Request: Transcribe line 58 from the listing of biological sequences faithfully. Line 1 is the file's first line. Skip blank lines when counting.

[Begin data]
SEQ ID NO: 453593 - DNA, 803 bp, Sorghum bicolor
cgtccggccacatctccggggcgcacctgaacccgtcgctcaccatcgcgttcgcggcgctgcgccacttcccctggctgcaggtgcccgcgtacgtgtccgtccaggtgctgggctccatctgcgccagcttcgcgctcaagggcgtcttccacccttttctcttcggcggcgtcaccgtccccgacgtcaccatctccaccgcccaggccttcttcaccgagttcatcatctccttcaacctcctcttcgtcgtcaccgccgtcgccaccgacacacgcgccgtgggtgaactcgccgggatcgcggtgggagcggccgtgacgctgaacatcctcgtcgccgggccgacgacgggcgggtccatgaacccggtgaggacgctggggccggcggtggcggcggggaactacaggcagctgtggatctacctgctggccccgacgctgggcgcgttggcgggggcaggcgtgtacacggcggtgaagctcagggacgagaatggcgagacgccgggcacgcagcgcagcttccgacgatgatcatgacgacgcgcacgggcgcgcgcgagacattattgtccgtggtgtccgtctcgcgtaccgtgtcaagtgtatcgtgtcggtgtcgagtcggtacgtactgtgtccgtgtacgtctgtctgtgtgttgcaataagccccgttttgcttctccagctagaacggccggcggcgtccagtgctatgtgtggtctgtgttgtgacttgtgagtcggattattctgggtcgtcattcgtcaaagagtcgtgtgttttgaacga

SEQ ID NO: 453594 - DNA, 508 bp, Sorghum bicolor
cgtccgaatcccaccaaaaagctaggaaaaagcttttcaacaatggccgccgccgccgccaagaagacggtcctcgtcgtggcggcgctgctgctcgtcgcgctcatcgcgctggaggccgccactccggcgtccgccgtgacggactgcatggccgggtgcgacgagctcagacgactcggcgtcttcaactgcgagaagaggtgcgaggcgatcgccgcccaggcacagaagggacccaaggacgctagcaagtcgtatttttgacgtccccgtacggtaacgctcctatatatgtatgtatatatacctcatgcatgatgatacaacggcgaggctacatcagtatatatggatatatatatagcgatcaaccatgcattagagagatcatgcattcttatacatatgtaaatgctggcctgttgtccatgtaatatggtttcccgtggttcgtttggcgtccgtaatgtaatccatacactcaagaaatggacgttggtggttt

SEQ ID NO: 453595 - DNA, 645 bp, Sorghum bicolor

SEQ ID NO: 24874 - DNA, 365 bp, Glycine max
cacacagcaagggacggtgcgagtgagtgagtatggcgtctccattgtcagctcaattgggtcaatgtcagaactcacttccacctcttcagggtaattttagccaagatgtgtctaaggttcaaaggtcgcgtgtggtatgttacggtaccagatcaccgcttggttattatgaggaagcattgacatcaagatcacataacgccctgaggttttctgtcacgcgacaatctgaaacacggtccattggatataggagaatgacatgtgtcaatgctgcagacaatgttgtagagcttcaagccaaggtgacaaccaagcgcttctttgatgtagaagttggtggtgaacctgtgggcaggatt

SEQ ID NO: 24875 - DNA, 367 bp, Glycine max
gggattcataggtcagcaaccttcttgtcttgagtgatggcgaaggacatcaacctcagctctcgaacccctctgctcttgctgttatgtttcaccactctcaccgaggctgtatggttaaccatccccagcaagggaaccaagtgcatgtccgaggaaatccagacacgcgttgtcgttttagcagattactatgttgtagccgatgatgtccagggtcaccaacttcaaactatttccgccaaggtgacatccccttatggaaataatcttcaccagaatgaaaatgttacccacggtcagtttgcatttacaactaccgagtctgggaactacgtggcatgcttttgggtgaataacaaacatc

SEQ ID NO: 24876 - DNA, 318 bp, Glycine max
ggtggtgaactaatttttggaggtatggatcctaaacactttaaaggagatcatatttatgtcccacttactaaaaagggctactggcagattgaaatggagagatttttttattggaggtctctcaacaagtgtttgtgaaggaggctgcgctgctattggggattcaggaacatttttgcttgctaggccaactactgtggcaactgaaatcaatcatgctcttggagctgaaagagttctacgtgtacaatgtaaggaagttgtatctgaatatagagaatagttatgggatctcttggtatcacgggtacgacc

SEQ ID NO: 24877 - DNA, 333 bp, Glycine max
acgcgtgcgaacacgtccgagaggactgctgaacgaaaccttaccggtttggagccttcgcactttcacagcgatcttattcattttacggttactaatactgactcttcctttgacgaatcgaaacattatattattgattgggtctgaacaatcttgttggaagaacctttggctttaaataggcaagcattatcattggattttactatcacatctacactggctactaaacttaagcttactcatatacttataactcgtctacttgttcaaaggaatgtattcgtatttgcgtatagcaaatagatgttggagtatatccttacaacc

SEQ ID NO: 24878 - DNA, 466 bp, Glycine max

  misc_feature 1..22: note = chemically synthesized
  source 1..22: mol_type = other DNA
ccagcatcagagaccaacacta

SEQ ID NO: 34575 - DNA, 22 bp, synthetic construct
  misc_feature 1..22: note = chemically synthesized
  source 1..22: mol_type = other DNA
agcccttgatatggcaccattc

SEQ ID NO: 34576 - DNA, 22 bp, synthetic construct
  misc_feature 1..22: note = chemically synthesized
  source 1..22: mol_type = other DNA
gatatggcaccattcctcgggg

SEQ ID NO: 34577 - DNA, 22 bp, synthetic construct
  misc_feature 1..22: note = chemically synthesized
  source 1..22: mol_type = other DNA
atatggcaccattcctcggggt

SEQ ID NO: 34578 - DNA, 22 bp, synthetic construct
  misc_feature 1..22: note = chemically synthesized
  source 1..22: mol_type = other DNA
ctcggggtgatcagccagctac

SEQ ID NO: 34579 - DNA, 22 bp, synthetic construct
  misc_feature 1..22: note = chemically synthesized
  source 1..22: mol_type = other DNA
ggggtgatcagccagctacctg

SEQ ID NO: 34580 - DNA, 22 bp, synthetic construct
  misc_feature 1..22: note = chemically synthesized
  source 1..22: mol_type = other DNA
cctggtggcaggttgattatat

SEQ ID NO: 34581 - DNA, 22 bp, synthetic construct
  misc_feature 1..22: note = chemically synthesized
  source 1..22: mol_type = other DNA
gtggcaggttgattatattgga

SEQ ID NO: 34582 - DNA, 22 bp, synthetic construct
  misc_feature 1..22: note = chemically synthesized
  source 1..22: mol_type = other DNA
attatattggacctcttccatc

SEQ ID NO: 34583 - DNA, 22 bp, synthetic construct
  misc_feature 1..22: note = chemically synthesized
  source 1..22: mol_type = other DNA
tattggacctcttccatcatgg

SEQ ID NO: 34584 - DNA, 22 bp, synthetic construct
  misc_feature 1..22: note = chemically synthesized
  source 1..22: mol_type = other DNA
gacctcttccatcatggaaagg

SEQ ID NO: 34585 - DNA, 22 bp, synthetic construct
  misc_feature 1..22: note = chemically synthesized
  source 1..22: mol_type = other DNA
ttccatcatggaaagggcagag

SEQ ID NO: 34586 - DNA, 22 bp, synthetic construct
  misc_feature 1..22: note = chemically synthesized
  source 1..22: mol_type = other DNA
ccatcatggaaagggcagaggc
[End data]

SEQ ID NO: 34585 - DNA, 22 bp, synthetic construct